Monday | January 16, 2017
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Online Extra: ‘Cats climb to top of D-I

<p>HOLLYN JOHNSON/Tribune-Herald</p><p>Konawaena’s Kenan Gaspar fights inside for a shot against Kamehameha’s Micah Carter on Saturday night in the BIIF Division I championship game. Gaspar scored 29 points in the Wildcats’ 68-55 victory.</p><p>TIM WRIGHT/Tribune-Herald</p><p>Kamehameha’s Ilikai Calip wrangles away a rebound against Konawaeana on Saturday night in the BIIF Division I championship game.</p><p>TIM WRIGHT/Tribune-Herald</p><p>Konawaena’s Nick Mims goes up for a basket against Kamehameha’s Shaun Kagawa on Saturday night in the BIIF Division I championship game.</p><p>TIM WRIGHT/Tribune-Herald</p><p>Kamehameha’s Laa Manliguis drains a jump shot against Konawaeana on Saturday night in the BIIF Division I championship game.</p>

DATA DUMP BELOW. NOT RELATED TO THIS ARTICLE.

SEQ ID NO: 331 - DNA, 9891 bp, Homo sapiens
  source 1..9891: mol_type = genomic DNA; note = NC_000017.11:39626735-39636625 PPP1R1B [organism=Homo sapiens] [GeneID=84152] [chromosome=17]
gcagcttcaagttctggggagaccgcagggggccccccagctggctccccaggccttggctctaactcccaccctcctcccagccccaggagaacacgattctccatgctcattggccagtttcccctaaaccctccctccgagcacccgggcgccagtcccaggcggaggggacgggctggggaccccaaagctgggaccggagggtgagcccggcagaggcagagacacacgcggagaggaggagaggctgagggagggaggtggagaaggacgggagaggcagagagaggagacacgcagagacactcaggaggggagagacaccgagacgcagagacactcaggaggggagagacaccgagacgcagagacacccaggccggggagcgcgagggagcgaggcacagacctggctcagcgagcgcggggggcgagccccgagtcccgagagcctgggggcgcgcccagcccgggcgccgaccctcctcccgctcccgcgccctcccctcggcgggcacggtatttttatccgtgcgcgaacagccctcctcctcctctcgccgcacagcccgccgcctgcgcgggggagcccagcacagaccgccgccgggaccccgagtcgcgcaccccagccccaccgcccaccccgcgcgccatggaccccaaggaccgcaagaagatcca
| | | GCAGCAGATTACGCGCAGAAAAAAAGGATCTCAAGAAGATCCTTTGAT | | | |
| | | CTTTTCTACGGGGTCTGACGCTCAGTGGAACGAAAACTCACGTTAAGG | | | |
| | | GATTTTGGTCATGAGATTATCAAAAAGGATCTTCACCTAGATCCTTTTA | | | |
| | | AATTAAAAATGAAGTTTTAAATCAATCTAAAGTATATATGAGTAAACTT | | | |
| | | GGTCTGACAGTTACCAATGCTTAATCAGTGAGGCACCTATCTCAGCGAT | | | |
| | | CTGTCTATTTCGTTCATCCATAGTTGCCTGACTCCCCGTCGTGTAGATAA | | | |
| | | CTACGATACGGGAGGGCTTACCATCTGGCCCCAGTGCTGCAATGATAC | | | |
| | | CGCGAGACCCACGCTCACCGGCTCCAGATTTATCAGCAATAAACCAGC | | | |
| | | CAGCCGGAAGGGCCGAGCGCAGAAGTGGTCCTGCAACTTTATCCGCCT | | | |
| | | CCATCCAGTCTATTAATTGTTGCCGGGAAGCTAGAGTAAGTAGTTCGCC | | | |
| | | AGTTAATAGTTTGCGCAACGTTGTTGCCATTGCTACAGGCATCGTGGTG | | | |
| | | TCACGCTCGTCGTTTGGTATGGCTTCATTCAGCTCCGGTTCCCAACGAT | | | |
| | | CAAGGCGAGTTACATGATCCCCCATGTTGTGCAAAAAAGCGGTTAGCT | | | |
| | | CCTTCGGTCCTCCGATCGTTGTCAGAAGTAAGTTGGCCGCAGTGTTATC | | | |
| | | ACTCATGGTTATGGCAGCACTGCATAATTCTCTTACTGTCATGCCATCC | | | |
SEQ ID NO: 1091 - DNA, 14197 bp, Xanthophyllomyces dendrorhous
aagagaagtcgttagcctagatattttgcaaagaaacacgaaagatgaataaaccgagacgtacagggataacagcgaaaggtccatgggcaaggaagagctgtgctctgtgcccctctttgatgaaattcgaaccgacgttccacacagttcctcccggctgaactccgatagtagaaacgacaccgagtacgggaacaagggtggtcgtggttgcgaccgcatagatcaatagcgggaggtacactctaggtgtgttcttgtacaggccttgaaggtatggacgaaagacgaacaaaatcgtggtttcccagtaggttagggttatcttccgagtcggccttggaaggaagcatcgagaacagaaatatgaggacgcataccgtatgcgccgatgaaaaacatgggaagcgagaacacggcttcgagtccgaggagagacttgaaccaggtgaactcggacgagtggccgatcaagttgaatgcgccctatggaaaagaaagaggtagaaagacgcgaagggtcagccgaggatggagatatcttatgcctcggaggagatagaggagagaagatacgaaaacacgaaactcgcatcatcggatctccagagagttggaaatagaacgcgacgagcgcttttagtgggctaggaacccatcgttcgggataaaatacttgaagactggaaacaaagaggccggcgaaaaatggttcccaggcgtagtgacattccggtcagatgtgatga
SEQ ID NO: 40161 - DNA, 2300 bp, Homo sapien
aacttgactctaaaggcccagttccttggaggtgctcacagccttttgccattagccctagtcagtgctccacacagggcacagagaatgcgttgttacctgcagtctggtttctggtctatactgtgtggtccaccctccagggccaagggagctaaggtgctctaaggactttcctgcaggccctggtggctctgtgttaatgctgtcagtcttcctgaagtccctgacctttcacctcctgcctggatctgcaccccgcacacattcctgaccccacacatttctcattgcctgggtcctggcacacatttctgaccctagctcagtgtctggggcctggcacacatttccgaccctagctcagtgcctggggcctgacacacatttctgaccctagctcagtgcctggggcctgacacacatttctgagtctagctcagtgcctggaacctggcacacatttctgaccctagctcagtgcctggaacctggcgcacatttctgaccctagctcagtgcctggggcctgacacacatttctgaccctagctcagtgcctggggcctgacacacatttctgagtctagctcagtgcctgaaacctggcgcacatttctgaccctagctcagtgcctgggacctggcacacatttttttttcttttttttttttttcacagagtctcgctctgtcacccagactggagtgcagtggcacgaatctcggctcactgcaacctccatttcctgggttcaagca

Tribune-Herald sports writer

The feeling of satisfaction was all over Kenan Gaspar’s face. The Konawaena senior guard had a blue-collar performance to remember. And his teammates followed along, providing similar energy and adding a defensive effort that was equally impressive.

Gaspar scored 29 points and Konawaena outscored Kamehameha by 10 in the third quarter to pull away with a 68-55 victory in the Big Island Interscholastic Federation Division I championship on Saturday night before 2,300 fans at Afook-Chinen Civic Auditorium, winning its first league title since 2008.

Konawaena (12-0) and Kamehameha (10-5) both have spots in the Hawaii High School Athletic Association Division I state tournament, which will be held Wednesday through Saturday on Oahu. It’s the Warriors’ third straight appearance.

Jonah Bredeson added 14 points, Brenton Shropshire had eight and Brandon Awa chipped in six points for the Wildcats, who shot 53 percent (10 of 19) in the second half and made 13 of 20 free throws; they hit 3 of 3 in the first half.

“This feels better than Friday night,” Gaspar said. “It took us four years to get this championship. Every year, we’d come close but lose to Hilo or Kamehameha. This year, we finally beat Kamehameha in the championship.”